BOULDER, Colorado—The U.S. hotel industry industry’s near-term prospects generated plenty of optimism during last month’s Americas Lodging Investment Summit.
The positive outlook was fueled largely by the dearth of new supply and the trending of revenue per available room, which jumped a healthy 6.8% during 2012. And while national RevPAR largely has recovered to prior peak levels, recovery in some major markets is still slightly out of reach.
STR Analytics, sister company of HotelNewsNow.com, analyzed each tract in the county, calculating each area’s year-to-date December RevPAR level versus its prior peak (occurring between 2006 and 2008). Overall, the tracts display a wide range of recovery, ranging from only 60% recovered to more than 180% recovered. A heat map showing the continental U.S. is presented below.
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Any tract shaded green represents a fully recovered area (100% or greater of previous peak, with higher levels of recovery marked by a darker shade of green).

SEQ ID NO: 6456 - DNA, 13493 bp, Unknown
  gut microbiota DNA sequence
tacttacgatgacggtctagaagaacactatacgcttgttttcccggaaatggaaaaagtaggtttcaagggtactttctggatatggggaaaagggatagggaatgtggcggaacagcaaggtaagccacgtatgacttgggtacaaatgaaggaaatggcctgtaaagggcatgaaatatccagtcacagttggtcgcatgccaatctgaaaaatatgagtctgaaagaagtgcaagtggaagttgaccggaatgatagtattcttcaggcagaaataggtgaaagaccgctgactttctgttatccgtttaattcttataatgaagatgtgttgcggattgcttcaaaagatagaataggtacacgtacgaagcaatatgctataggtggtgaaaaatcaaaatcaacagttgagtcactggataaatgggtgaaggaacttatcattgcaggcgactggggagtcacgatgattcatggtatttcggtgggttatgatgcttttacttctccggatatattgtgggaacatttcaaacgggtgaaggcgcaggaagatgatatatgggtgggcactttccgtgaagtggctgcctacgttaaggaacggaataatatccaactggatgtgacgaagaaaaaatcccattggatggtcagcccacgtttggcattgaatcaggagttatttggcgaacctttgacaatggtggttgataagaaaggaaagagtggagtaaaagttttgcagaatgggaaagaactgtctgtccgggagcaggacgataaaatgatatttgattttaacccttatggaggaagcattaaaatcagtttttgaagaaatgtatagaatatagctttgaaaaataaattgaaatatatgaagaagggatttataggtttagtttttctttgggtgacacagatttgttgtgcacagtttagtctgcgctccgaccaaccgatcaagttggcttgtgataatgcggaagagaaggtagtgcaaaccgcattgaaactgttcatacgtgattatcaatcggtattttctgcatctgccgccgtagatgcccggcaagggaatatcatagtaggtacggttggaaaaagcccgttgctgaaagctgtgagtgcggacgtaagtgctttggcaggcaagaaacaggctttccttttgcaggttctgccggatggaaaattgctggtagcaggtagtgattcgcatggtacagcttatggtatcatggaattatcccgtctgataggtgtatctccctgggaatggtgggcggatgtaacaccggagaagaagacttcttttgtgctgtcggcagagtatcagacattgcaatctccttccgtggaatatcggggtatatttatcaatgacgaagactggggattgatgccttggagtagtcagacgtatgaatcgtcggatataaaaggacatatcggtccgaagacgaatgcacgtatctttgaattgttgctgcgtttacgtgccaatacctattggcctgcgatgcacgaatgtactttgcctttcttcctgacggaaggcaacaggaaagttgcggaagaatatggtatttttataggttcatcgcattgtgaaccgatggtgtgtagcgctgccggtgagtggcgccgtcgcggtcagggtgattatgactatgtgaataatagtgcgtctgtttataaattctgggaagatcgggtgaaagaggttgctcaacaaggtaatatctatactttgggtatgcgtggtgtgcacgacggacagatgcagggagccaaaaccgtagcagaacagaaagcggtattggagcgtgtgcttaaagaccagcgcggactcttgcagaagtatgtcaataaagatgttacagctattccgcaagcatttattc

A good portion of the U.S. is awash in green, particularly the Midwest, the Great Lakes region, parts of the Northeast and many areas in Texas. The tract representing the greatest recovery is the North Dakota area, where RevPAR equates to 181.3% of its prior peak. This is due to the oil boom in that region. Other notable recovered areas include the Texas South, Ohio South, Pennsylvania Central and West Virginia North tracts.
Areas shaded in red represent tracts still less than 100% of their prior peak RevPAR levels (with lower levels of recovery marked by darker shades of red). When we remove areas that have fully recovered (i.e. anything in green), it becomes clear that many major metro areas still have yet to reach or surpass their prior RevPAR peaks.
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Most of the eastern half of the U.S. is still red, along with many areas in California, the Pacific Northwest and the Rocky Mountain region. While some major metro areas are fully recovered (San Francisco, Los Angeles), other downtown areas are still lagging, such as the New York area (88% recovered), Chicago (92%), Washington, D.C. (97%) and Atlanta (88%). Most of these areas have recovered in occupancy, but they have not yet been able to push rates high enough to reach previous RevPAR peak levels. This likely will occur for most of the remaining metro areas during 2013.
Nationally, the tracts least recovered in RevPAR are Colorado Northwest (69%), Fort Worth South/West (66%), Beaumont, Texas (61%), and Las Vegas South (60%).